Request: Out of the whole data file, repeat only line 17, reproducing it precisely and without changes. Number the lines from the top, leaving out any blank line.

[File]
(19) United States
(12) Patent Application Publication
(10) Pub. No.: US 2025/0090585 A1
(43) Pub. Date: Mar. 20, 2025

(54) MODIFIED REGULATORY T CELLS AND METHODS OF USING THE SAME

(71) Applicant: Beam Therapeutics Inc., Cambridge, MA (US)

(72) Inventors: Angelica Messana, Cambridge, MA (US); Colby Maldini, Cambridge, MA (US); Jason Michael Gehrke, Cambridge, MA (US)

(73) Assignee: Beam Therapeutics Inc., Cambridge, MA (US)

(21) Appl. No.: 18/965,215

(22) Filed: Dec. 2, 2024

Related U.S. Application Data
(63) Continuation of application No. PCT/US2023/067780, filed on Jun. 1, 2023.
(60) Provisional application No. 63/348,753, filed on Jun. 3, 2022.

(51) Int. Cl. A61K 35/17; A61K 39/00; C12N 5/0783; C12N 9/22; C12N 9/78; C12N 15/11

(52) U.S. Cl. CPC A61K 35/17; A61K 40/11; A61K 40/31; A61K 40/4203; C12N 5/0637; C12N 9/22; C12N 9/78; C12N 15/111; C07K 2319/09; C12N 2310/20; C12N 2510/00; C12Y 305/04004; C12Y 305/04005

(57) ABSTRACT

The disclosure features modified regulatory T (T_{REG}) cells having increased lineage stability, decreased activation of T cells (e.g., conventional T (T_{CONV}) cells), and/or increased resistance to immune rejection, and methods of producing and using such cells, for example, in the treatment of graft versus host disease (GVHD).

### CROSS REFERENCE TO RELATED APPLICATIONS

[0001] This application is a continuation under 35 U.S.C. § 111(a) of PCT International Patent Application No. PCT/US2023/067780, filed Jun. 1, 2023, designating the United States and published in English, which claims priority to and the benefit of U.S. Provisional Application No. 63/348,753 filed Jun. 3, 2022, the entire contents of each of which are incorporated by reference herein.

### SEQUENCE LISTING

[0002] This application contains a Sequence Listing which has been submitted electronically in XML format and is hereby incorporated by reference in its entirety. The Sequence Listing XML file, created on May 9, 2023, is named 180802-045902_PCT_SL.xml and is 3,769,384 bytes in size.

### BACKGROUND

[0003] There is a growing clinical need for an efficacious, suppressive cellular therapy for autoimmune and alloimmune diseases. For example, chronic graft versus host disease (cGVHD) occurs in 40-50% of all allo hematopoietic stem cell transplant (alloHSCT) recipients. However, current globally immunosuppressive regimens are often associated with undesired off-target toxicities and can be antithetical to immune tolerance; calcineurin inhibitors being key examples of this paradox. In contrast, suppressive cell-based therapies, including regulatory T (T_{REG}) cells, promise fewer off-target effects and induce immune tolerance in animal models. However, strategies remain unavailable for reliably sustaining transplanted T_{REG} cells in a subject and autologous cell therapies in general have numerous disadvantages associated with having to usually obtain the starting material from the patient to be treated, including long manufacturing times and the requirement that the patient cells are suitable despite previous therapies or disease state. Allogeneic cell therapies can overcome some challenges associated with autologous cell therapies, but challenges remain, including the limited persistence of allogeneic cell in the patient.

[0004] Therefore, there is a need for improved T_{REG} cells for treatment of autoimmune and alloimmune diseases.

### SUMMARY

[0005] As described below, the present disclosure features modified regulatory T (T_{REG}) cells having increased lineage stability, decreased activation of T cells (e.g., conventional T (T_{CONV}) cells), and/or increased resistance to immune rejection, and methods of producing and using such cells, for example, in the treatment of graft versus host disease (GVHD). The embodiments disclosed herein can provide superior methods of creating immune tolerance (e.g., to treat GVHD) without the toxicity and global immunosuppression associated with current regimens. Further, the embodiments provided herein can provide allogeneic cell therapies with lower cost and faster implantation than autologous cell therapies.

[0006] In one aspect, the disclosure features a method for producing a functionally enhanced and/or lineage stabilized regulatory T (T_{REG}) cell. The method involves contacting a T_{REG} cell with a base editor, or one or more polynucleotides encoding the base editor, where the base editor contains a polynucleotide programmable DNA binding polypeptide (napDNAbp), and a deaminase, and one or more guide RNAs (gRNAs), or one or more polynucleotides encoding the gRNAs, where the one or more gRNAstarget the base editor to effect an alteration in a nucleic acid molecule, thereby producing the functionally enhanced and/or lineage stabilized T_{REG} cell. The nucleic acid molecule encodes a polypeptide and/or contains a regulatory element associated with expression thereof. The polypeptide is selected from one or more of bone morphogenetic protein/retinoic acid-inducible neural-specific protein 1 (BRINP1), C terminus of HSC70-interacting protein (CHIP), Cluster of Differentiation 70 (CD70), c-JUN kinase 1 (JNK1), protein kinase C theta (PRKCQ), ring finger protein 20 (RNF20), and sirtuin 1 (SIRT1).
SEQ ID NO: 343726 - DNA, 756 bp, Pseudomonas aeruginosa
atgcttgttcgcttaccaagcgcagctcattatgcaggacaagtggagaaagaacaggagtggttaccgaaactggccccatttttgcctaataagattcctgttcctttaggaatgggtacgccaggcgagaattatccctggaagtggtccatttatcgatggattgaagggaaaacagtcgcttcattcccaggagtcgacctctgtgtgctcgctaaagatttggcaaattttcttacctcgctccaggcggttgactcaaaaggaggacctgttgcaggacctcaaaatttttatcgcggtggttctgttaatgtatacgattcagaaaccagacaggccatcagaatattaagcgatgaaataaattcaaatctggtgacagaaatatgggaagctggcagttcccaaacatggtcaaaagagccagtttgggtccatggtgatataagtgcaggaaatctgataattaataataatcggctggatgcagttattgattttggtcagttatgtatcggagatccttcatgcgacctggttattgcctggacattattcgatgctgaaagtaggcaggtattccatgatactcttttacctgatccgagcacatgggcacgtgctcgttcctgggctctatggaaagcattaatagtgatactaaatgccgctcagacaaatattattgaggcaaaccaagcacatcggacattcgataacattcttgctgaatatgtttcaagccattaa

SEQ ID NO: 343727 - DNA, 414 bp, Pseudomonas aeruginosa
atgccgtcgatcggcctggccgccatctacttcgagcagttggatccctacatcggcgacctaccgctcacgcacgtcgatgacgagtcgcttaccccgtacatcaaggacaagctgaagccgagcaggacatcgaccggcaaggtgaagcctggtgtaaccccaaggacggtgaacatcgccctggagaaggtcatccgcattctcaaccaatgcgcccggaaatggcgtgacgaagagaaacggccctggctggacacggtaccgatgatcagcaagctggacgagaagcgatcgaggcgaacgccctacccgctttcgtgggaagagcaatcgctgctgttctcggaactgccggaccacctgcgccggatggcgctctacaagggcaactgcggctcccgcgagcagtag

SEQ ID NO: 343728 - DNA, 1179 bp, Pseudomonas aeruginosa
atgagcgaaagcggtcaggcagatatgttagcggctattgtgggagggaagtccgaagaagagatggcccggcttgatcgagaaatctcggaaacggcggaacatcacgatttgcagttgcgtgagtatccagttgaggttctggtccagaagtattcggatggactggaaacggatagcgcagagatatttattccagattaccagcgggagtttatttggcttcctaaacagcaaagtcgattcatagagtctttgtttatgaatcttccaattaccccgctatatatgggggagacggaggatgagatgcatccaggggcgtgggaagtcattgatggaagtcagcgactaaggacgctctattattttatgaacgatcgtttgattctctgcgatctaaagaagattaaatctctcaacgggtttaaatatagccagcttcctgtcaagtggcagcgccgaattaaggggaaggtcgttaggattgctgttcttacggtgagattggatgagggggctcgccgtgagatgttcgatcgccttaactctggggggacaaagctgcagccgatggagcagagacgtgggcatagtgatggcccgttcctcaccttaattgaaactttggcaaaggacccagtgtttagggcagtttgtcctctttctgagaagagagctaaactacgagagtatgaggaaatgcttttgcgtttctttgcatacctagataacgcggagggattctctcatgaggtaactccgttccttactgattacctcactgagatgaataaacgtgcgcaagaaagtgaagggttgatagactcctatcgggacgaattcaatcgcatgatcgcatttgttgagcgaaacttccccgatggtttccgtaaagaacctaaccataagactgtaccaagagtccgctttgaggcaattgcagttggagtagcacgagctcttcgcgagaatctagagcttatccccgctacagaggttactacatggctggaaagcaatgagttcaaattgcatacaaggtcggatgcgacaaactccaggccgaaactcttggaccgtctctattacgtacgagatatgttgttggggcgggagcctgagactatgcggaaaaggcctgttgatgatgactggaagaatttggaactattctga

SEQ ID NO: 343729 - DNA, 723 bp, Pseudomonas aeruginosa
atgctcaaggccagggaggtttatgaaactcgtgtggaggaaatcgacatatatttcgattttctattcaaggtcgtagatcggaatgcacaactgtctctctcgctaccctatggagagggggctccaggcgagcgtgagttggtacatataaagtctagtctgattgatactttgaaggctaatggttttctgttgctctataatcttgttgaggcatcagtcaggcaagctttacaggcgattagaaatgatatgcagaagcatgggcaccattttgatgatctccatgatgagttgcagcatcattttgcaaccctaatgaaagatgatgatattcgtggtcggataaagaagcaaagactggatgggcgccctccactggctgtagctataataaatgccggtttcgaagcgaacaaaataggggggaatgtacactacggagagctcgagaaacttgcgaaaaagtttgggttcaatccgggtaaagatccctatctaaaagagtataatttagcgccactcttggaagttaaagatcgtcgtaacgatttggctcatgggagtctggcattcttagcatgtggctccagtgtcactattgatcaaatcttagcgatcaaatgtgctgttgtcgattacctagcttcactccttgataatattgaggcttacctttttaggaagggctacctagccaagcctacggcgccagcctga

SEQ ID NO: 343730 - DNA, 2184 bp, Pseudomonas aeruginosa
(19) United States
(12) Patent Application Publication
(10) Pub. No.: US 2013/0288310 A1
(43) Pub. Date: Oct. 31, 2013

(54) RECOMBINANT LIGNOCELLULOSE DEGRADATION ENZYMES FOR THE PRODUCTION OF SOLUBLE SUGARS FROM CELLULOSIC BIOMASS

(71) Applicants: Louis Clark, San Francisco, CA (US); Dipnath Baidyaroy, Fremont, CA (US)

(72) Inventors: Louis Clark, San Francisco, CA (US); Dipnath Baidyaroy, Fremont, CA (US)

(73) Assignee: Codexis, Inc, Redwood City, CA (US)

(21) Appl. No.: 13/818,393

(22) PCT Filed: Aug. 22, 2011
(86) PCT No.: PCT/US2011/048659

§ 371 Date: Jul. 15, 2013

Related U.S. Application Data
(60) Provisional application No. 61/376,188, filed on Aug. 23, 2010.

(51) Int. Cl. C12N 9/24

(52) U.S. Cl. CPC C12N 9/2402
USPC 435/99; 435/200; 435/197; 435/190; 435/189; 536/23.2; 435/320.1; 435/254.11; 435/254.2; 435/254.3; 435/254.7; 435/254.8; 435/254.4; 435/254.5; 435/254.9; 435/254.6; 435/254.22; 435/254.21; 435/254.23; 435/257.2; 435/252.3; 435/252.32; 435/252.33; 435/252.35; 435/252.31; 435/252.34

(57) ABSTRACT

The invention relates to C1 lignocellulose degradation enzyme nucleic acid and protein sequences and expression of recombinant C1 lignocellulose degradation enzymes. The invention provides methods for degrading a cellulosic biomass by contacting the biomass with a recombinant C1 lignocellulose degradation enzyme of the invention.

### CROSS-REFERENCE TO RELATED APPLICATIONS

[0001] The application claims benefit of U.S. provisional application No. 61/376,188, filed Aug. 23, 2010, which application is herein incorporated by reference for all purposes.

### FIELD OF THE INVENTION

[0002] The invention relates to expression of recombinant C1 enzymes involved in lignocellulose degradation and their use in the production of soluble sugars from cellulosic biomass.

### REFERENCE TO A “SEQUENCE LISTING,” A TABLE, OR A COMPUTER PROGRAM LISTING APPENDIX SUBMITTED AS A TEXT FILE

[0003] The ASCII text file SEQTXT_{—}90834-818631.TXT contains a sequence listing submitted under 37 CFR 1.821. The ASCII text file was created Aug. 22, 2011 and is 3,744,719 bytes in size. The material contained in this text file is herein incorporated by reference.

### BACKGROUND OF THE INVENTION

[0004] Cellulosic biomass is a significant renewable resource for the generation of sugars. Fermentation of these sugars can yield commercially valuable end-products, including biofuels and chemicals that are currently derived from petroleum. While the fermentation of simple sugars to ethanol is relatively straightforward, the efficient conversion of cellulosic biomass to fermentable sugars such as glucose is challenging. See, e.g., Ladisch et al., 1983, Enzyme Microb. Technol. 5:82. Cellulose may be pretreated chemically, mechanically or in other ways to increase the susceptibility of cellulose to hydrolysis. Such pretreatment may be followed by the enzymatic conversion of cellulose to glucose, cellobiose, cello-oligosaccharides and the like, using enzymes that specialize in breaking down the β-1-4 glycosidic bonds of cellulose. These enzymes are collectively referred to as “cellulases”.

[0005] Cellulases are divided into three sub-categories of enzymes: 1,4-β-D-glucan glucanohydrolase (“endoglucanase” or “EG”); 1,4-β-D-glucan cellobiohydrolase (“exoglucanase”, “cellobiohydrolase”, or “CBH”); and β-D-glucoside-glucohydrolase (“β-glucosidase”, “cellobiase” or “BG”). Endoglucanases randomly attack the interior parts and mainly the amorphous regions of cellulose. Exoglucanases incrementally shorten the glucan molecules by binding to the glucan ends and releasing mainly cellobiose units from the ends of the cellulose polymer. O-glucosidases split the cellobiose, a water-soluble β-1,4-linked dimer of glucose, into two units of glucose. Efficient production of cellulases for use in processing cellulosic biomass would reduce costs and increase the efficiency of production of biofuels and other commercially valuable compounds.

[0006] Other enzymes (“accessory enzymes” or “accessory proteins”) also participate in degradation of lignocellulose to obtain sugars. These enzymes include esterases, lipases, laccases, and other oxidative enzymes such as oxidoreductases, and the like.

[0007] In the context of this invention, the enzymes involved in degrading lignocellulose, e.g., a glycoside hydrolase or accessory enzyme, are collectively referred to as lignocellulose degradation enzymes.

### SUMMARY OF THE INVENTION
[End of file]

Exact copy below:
The disclosure features modified regulatory T (T_{REG}) cells having increased lineage stability, decreased activation of T cells (e.g., conventional T (T_{CONV}) cells), and/or increased resistance to immune rejection, and methods of producing and using such cells, for example, in the treatment of graft versus host disease (GVHD).